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In 1798—more than five years before he led the epic western journey that would make him and Meriwether Lewis national heroes—William Clark set off by flatboat from his Louisville, Kentucky home with a cargo of tobacco and furs to sell downriver in Spanish New Orleans. He also carried with him a leather-trimmed journal to record his travels and notes on his activities. In this vivid history, Jo Ann Trogdon reveals William Clark’s highly questionable activities during the years before his famous journey west of the Mississippi. Delving into the details of Clark’s diary and ledger entries, Trogdon investigates evidence linking Clark to a series of plots—often called the Spanish Conspiracy—in which corrupt officials sought to line their pockets with Spanish money and to separate Kentucky from the United States. The Unknown Travels and Dubious Pursuits of William Clark gives readers a more complex portrait of the American icon than has been previously written.
Between 1803 and 1806, Meriwether Lewis and William Clark co-captained the most famous expedition in American history. But while Lewis ended his life just three years later, Clark, as the highest-ranking Federal official in the West, spent three decades overseeing its consequences: Indian removal and the destruction of Native America. In a rare combination of storytelling and scholarship, best-selling author Landon Y. Jones presents for the first time Clark's remarkable life and influential career in their full complexity. Like every colonial family living on Virginia's violent frontier, the Clarks killed Indians and acquired land; acting on behalf of the United States, William would prove successful at both. Clark's life was spent fighting in America's fifty-year running war with the Indians (and their European allies) over the Western borderlands. The struggle began with his famed brother George Roger's western campaigns during the American Revolution, continued through the vicious battles of the War of 1812, and ended with the Black Hawk War in the 1830s. In vividly depicting Clark's life, Jones memorably captures not only the dark and bloody ground of America's early West, but also the qualities of character and courage that made him an unequalled leader in America's grander enterprise: the shaping of the West. No one played a larger part in that accomplishment than William Clark. William Clark and the Shaping of the West is an unforgettable human story that encompasses in a single life the sweep of American history from colonial Virginia to the conquest of the West.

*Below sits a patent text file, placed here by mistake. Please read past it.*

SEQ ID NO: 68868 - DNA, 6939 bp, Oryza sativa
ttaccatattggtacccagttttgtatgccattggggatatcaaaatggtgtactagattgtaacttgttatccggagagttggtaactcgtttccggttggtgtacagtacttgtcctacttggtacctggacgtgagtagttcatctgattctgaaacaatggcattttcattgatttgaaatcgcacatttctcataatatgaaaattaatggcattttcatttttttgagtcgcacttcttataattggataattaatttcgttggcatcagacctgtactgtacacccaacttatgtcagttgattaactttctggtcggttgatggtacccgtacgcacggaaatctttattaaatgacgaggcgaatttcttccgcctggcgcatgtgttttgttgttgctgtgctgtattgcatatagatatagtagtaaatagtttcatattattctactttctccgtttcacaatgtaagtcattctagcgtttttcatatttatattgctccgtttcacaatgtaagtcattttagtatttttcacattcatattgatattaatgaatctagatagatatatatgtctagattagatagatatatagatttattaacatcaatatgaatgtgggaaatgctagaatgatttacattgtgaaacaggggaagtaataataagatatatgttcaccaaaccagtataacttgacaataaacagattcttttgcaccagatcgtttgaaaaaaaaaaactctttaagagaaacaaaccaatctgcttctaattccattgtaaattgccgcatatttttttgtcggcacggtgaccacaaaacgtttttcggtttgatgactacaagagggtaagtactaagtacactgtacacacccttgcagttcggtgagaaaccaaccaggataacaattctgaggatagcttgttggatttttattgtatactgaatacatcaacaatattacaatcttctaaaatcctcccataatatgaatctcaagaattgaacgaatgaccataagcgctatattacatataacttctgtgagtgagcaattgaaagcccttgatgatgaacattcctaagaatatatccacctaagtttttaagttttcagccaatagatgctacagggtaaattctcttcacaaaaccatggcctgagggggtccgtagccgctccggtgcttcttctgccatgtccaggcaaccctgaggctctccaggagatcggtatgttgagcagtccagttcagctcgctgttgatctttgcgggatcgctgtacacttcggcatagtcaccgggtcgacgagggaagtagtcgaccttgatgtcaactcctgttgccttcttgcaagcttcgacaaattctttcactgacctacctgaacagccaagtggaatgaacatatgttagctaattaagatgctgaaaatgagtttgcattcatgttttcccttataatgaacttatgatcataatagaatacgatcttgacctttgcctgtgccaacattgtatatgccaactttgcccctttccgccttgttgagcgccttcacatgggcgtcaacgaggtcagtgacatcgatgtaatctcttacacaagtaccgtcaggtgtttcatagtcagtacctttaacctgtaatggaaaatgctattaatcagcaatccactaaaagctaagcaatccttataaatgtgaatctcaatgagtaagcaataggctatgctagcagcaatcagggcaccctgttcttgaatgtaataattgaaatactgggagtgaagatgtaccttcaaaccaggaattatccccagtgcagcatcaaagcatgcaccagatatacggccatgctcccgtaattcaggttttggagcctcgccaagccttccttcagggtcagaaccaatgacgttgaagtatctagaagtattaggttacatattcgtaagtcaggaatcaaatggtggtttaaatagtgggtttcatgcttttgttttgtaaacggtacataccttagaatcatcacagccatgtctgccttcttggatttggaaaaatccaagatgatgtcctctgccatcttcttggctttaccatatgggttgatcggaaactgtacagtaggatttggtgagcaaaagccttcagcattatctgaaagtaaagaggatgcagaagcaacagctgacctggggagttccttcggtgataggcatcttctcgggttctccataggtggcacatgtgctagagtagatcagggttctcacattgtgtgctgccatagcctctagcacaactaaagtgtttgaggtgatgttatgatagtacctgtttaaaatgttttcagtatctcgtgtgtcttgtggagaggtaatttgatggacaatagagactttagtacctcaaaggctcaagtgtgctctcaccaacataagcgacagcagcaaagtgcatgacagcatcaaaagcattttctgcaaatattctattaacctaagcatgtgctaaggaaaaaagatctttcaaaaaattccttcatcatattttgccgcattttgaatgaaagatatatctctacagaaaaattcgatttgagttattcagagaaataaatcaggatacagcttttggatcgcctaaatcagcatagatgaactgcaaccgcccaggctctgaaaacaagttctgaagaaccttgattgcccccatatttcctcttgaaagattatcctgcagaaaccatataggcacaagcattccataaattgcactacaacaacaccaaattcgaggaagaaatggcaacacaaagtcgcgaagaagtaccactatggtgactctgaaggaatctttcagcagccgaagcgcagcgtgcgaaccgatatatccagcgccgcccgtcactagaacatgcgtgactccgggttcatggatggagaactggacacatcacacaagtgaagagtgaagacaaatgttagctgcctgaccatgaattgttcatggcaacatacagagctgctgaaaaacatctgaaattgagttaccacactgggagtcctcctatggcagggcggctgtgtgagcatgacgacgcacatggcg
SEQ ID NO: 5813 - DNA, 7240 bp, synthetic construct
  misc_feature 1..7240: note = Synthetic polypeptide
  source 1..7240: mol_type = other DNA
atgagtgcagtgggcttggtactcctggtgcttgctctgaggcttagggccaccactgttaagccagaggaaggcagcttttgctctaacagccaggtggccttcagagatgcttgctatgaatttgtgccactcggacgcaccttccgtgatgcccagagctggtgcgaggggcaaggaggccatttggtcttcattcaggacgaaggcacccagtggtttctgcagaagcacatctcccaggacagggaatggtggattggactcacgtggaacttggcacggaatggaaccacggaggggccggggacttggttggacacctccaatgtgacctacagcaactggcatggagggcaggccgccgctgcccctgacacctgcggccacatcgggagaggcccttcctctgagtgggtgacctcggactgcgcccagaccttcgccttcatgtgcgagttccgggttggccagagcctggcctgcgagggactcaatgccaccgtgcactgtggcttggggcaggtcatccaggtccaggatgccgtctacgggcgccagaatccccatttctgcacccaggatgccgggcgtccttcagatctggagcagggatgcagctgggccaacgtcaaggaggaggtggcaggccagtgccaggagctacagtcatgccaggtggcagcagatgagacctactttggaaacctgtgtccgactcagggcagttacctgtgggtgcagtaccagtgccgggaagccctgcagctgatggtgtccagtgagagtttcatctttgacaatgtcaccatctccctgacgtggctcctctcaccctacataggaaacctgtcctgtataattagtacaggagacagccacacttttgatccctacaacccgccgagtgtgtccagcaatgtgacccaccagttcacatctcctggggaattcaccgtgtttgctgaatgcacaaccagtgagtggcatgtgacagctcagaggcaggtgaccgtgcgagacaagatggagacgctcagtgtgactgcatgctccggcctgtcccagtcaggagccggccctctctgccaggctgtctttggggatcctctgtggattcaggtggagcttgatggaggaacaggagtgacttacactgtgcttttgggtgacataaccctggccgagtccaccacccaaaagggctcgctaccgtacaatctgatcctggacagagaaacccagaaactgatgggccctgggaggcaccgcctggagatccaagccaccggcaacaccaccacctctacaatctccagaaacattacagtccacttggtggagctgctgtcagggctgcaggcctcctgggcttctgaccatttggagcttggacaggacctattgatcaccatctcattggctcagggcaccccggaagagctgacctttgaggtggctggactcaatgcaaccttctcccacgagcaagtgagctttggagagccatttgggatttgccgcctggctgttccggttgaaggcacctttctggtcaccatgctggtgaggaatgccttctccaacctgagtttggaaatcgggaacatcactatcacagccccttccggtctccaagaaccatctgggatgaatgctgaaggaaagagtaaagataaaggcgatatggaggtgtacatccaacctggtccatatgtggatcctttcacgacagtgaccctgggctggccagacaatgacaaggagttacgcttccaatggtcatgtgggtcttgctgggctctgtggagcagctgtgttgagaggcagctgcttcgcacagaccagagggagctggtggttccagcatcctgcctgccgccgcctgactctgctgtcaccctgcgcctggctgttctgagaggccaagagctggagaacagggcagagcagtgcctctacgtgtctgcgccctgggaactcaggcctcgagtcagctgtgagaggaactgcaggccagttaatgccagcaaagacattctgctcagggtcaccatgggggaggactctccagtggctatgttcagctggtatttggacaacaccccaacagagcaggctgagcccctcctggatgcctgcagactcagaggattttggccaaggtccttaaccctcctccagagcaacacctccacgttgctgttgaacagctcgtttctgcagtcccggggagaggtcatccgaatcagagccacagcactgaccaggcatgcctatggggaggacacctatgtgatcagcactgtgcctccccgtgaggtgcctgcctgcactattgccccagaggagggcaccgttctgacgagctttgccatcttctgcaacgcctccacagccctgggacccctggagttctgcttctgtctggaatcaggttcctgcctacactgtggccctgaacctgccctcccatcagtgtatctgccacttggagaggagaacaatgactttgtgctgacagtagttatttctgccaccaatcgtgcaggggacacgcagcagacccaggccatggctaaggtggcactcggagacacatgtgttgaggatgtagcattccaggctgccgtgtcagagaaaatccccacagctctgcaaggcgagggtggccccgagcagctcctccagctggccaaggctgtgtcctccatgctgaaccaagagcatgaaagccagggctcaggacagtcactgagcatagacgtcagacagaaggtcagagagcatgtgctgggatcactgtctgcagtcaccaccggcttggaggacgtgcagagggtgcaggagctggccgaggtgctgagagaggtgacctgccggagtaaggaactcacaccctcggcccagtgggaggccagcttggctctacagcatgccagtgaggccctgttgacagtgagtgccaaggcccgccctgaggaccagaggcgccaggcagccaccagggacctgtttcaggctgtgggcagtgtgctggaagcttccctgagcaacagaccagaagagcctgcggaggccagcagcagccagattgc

This new full-length biography of Meriwether Lewis is presented within the context of the turbulent times of the early AmericanRepublic. The author discusses intrigues to seize the Floridas and Louisiana from Spain with the help of France or Britain, and makes the case for General James Wilkinson assassinating General Anthony Wayne to become the commanding general of the U.S. Army. She proposes that the deadlock in the presidential election of 1800 between Aaron Burr and Thomas Jefferson was caused by a British faction of Federalists who planned to invade Louisiana and Mexico if Burr were elected president. Three parts of the conspiracy are identified: a secret military base on the Ohio, Cantonment Wilkinsonville, where 700 U.S. Army troops were stationed; the Philip Nolan filibuster into Texas; and British naval support. After Jefferson's election, Lewis lived in the White House as his confidential aide. In 1803, he left the White House as the leader of an elite army unit to reinforce America's claim to the Pacific Northwest. When he returned, Jefferson appointed him governor of LouisianaTerritory based in St. Louis with orders to remove followers of Aaron Burr from positions of power and influence. Within two years Meriwether Lewis was dead at the age of 35, killed by an assassin's bullets in 1809. The case is made that General Wilkinson and John Smith T., a wealthy lead mine operator, were the organizers of his assassination. Their motive was to prevent Lewis from stopping another filibuster expedition into Mexico in 1810. This biography of Lewis offers a very different interpretation of his character and achievements, supporting the idea that, if he had lived, Lewis was in line to become president of the United States. It presents a detailed account of his activities as a loyal Jefferson supporter, presidential aide, leader of a continental expedition, and governor of LouisianaTerritory.